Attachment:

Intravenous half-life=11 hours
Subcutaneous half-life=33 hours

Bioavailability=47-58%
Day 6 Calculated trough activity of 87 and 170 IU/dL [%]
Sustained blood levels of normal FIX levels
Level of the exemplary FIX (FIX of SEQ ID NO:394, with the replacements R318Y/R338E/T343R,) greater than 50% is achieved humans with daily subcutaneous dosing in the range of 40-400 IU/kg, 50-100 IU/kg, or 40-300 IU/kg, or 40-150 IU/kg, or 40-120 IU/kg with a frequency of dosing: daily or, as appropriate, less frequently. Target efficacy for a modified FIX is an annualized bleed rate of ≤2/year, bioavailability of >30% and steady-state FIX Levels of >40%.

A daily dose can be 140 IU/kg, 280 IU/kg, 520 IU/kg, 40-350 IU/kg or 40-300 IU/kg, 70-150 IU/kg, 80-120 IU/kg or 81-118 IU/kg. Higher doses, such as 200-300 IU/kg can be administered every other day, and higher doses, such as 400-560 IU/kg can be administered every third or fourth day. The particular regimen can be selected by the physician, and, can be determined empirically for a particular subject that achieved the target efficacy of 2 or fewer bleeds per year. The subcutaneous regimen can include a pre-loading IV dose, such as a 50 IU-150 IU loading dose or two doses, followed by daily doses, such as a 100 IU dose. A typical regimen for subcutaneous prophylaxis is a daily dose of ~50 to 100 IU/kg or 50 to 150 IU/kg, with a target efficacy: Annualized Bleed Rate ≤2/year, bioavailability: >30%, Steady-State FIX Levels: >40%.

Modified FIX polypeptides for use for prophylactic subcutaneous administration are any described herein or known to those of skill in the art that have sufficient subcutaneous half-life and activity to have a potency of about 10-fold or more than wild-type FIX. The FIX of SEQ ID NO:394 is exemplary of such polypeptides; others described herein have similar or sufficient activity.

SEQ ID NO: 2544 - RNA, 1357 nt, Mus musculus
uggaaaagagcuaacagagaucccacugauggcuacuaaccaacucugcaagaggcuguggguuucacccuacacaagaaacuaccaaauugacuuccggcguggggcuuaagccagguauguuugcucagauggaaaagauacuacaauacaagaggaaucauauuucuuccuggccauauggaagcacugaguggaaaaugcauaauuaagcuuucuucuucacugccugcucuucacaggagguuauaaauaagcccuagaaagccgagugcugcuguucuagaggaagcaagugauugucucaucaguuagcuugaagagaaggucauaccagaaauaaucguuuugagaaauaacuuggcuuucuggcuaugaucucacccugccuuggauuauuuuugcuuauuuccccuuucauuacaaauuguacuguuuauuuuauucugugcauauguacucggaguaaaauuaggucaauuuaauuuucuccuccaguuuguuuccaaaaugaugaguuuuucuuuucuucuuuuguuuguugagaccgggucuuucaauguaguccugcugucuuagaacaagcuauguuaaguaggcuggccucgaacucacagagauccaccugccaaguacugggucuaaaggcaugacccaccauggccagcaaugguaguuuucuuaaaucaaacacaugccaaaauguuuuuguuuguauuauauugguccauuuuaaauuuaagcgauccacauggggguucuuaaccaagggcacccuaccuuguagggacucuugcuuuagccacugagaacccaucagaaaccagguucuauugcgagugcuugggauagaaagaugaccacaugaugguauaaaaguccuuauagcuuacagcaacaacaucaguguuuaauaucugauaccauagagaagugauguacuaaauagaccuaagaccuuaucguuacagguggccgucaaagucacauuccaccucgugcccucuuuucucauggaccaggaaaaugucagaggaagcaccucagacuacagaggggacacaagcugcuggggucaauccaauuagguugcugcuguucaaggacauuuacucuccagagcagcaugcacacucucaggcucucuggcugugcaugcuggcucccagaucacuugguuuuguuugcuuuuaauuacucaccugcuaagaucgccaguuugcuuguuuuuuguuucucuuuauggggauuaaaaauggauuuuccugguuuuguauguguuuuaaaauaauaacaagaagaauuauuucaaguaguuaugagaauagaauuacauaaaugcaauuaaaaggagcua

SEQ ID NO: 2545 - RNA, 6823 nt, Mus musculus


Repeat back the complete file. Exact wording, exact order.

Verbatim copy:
Intravenous half-life=11 hours
Subcutaneous half-life=33 hours

Bioavailability=47-58%
Day 6 Calculated trough activity of 87 and 170 IU/dL [%]
Sustained blood levels of normal FIX levels
Level of the exemplary FIX (FIX of SEQ ID NO:394, with the replacements R318Y/R338E/T343R,) greater than 50% is achieved humans with daily subcutaneous dosing in the range of 40-400 IU/kg, 50-100 IU/kg, or 40-300 IU/kg, or 40-150 IU/kg, or 40-120 IU/kg with a frequency of dosing: daily or, as appropriate, less frequently. Target efficacy for a modified FIX is an annualized bleed rate of ≤2/year, bioavailability of >30% and steady-state FIX Levels of >40%.

A daily dose can be 140 IU/kg, 280 IU/kg, 520 IU/kg, 40-350 IU/kg or 40-300 IU/kg, 70-150 IU/kg, 80-120 IU/kg or 81-118 IU/kg. Higher doses, such as 200-300 IU/kg can be administered every other day, and higher doses, such as 400-560 IU/kg can be administered every third or fourth day. The particular regimen can be selected by the physician, and, can be determined empirically for a particular subject that achieved the target efficacy of 2 or fewer bleeds per year. The subcutaneous regimen can include a pre-loading IV dose, such as a 50 IU-150 IU loading dose or two doses, followed by daily doses, such as a 100 IU dose. A typical regimen for subcutaneous prophylaxis is a daily dose of ~50 to 100 IU/kg or 50 to 150 IU/kg, with a target efficacy: Annualized Bleed Rate ≤2/year, bioavailability: >30%, Steady-State FIX Levels: >40%.

Modified FIX polypeptides for use for prophylactic subcutaneous administration are any described herein or known to those of skill in the art that have sufficient subcutaneous half-life and activity to have a potency of about 10-fold or more than wild-type FIX. The FIX of SEQ ID NO:394 is exemplary of such polypeptides; others described herein have similar or sufficient activity.

SEQ ID NO: 2544 - RNA, 1357 nt, Mus musculus
uggaaaagagcuaacagagaucccacugauggcuacuaaccaacucugcaagaggcuguggguuucacccuacacaagaaacuaccaaauugacuuccggcguggggcuuaagccagguauguuugcucagauggaaaagauacuacaauacaagaggaaucauauuucuuccuggccauauggaagcacugaguggaaaaugcauaauuaagcuuucuucuucacugccugcucuucacaggagguuauaaauaagcccuagaaagccgagugcugcuguucuagaggaagcaagugauugucucaucaguuagcuugaagagaaggucauaccagaaauaaucguuuugagaaauaacuuggcuuucuggcuaugaucucacccugccuuggauuauuuuugcuuauuuccccuuucauuacaaauuguacuguuuauuuuauucugugcauauguacucggaguaaaauuaggucaauuuaauuuucuccuccaguuuguuuccaaaaugaugaguuuuucuuuucuucuuuuguuuguugagaccgggucuuucaauguaguccugcugucuuagaacaagcuauguuaaguaggcuggccucgaacucacagagauccaccugccaaguacugggucuaaaggcaugacccaccauggccagcaaugguaguuuucuuaaaucaaacacaugccaaaauguuuuuguuuguauuauauugguccauuuuaaauuuaagcgauccacauggggguucuuaaccaagggcacccuaccuuguagggacucuugcuuuagccacugagaacccaucagaaaccagguucuauugcgagugcuugggauagaaagaugaccacaugaugguauaaaaguccuuauagcuuacagcaacaacaucaguguuuaauaucugauaccauagagaagugauguacuaaauagaccuaagaccuuaucguuacagguggccgucaaagucacauuccaccucgugcccucuuuucucauggaccaggaaaaugucagaggaagcaccucagacuacagaggggacacaagcugcuggggucaauccaauuagguugcugcuguucaaggacauuuacucuccagagcagcaugcacacucucaggcucucuggcugugcaugcuggcucccagaucacuugguuuuguuugcuuuuaauuacucaccugcuaagaucgccaguuugcuuguuuuuuguuucucuuuauggggauuaaaaauggauuuuccugguuuuguauguguuuuaaaauaauaacaagaagaauuauuucaaguaguuaugagaauagaauuacauaaaugcaauuaaaaggagcua

SEQ ID NO: 2545 - RNA, 6823 nt, Mus musculus